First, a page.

Class of 2024 Grads Thrive at The Middle College at UNCG

Posted on June 19, 2024

Group of graduates from the Middle College at UNCG stand together in their yellow caps and gowns.
Middle College of UNCG Class of 2024

The Middle College at UNC Greensboro offers a unique high school experience for Guilford County students interested in pursuing careers in health sciences. Opening its doors in 2011, the high school benefits from its location on UNCG’s campus to provide college courses to students. Students must also obtain 250 service hours to graduate, which is easy when you’re connected to a university whose motto is “Service”.  

Last month, the Middle College graduated its twelfth class, including some very accomplished students. Their stories illustrate how the Middle College at UNCG is providing accelerated educational opportunities, enhanced service-learning experiences, and access to UNCG’s campus which makes the transition to any college easier for its graduates.  

Pavan Ariyawansa’s Fast Track to Pre-Med 

Headshot of a student in a yellow cap and gown with Middle College at UNCG on the sash.
Pavan Ariyawansa

When Ariyawansa finished middle school, he knew he needed a challenging high school environment that offered as many college level courses as possible.  

“I have always taken college classes, not to fulfill requirements or to become Valedictorian, but purely for learning,” Ariyawansa explains. “I took numerous biology, and chemistry college classes and took many classes over the summer while interning in places such as the Joint School of Nanoscience and Nanoengineering, Wake Forest Center for Precision Medicine, and currently Duke University.”  

He appreciated the academic rigor and the flexibility of course scheduling at the Middle College. His courses at UNCG gave him experience with time management and allowed him to mix with undergraduates. 

“I had more independence than high school students and was slowly exposed to college culture and the typical struggles of undergraduates.”  

By setting goals early, staying motivated, and taking heavy course loads, Ariyawansa was able to graduate from high school 1.5 years earlier than the average student. He finished his senior year with an internship in a research group at Duke University that simulates and designs proteins. In the fall, he will attend UNC-Chapel Hill on the pre-medical track with a long-term goal of becoming a cardiothoracic surgeon.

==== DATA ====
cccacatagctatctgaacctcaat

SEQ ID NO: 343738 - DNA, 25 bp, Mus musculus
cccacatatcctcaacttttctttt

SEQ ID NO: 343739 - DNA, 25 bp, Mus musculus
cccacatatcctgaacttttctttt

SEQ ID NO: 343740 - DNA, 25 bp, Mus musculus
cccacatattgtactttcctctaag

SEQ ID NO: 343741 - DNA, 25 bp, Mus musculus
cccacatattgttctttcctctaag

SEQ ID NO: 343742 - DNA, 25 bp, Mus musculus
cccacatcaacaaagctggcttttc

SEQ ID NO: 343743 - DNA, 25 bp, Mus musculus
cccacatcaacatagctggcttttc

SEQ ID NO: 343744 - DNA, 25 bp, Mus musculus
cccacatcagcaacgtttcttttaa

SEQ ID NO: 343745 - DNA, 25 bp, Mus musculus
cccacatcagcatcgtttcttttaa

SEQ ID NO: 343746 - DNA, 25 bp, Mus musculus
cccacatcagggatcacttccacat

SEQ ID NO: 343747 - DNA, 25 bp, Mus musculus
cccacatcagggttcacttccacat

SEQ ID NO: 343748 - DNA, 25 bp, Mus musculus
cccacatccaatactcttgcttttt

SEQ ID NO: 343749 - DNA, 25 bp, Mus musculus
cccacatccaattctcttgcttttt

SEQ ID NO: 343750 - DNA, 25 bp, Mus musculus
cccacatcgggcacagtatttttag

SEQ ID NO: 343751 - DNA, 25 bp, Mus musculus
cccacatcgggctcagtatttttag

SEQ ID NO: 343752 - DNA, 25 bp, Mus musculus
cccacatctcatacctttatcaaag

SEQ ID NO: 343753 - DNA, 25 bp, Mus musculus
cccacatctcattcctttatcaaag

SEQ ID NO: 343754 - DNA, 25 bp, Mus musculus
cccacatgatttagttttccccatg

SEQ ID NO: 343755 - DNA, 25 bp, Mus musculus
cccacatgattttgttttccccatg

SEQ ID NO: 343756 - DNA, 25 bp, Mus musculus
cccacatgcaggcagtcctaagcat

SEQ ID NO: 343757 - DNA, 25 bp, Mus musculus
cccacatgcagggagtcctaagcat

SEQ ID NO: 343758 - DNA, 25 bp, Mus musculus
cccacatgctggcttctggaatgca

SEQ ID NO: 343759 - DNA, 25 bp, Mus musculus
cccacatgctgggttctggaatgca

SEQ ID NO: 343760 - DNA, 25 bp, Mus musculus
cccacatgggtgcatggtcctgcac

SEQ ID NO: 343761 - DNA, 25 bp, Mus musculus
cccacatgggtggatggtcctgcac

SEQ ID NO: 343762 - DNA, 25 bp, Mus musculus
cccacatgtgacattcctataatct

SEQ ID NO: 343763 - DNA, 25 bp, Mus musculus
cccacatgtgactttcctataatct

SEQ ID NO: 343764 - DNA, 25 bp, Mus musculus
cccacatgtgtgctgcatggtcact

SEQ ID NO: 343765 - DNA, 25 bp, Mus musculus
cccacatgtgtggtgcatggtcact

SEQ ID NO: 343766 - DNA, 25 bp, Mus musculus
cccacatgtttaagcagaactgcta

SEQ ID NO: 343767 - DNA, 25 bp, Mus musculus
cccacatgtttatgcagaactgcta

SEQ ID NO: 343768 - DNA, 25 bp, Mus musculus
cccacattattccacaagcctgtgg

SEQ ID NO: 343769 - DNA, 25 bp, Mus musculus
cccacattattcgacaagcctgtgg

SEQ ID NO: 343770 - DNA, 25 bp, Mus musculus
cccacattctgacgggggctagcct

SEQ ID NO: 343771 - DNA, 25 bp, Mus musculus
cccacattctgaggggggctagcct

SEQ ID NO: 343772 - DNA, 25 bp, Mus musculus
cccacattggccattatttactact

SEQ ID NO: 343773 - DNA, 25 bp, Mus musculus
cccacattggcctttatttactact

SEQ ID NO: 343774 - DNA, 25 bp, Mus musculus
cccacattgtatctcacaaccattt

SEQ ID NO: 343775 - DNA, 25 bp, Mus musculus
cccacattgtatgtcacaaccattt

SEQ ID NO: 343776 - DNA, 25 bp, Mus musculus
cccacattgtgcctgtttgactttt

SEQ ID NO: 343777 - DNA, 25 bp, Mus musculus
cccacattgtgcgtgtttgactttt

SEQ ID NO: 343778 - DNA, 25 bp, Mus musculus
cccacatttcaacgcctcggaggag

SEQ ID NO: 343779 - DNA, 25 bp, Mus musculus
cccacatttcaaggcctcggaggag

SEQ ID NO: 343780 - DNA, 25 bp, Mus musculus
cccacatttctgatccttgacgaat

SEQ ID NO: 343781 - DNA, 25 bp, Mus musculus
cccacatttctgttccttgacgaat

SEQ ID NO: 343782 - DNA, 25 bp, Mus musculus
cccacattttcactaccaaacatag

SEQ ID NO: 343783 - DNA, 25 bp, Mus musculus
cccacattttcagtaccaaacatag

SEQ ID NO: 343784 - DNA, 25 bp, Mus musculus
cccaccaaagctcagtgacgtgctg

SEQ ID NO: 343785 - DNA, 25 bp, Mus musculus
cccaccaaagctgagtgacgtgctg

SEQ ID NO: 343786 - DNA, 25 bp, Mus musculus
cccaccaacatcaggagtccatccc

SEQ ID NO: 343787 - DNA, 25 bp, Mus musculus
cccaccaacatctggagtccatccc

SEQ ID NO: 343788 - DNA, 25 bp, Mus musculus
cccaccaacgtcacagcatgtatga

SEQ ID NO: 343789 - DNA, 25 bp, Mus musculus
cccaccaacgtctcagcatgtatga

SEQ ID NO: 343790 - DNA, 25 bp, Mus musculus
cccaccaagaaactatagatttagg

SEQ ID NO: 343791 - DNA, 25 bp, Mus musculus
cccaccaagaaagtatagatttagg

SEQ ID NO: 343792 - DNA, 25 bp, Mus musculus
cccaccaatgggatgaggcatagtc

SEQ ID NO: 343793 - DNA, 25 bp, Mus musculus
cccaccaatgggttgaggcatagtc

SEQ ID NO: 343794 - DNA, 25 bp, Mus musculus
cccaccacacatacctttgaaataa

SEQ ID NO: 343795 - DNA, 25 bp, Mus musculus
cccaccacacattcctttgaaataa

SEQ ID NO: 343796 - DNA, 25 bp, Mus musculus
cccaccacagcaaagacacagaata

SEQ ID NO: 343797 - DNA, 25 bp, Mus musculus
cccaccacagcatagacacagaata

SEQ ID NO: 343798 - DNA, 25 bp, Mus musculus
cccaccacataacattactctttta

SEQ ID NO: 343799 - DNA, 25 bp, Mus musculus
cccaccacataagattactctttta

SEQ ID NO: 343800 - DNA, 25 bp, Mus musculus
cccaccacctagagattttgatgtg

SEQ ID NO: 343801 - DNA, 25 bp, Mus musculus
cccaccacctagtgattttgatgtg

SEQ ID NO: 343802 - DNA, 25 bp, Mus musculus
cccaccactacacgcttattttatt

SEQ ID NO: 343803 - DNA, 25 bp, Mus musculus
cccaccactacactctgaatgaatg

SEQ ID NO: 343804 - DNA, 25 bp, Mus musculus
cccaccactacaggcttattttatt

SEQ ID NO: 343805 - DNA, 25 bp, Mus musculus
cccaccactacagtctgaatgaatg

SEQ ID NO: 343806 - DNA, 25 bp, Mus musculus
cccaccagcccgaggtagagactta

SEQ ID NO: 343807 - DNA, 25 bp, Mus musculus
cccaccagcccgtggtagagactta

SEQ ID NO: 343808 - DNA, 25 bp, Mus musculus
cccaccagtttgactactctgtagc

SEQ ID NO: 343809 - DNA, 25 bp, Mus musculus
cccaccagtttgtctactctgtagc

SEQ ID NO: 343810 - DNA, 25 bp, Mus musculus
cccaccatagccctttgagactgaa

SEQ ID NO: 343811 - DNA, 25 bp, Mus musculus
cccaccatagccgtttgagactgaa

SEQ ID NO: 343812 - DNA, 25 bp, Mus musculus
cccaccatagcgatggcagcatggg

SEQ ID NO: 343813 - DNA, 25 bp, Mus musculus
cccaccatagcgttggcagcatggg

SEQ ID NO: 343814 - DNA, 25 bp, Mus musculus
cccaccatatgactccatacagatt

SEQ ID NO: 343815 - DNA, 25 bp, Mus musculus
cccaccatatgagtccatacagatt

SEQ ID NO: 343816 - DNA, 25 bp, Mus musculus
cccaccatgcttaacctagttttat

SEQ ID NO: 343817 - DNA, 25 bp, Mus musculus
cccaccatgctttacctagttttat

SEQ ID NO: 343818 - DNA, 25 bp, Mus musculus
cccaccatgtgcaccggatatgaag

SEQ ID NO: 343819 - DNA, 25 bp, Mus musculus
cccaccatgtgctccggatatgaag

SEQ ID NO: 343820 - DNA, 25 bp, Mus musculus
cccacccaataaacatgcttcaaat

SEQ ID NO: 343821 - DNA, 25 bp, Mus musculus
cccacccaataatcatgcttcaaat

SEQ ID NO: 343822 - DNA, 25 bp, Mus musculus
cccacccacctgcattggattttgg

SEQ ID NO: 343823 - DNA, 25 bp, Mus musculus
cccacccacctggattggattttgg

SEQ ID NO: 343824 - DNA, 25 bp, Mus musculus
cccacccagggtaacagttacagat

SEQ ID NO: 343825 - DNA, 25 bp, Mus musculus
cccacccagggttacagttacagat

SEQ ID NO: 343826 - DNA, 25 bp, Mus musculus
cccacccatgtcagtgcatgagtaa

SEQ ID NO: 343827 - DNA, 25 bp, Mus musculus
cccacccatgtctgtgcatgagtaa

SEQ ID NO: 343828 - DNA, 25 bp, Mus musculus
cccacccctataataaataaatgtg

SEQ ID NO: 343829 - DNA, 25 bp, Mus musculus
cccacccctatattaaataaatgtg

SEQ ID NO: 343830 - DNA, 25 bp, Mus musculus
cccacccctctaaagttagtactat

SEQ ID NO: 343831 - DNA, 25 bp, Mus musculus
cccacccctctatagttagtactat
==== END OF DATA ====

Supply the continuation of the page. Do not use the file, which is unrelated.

“Despite having long days at my internship and long nights working to complete yearlong courses in a matter of weeks, I have no regrets about the results,” Ariyawansa states. “Through my high school experience at the Middle College at UNCG, I have realized how much potential I have and how much more I can do in the future.” 

Chloe Thompson Finds Her Voice 

Graduate poses in cap and gown with Native American accessories and many cords and medals to signify achievements.
Chloe Thompson

Chloe Thompson originally came to the Middle College at UNCG because of her interest in health science careers. A Type 1 Diabetic since the age of two, she always wanted to help others who struggled with the disease. As a high achieving student, she was drawn to the smaller class sizes and the opportunity to take classes at UNCG that other high schools didn’t offer.  

“I felt like I had more freedom in my education,” Thompson explains. “The smaller class sizes gave me more one-on-one time with teachers. I was able to voice my opinions and ideas in classes, and I could have meetings with my guidance counselors to talk about my specific college and career plans.”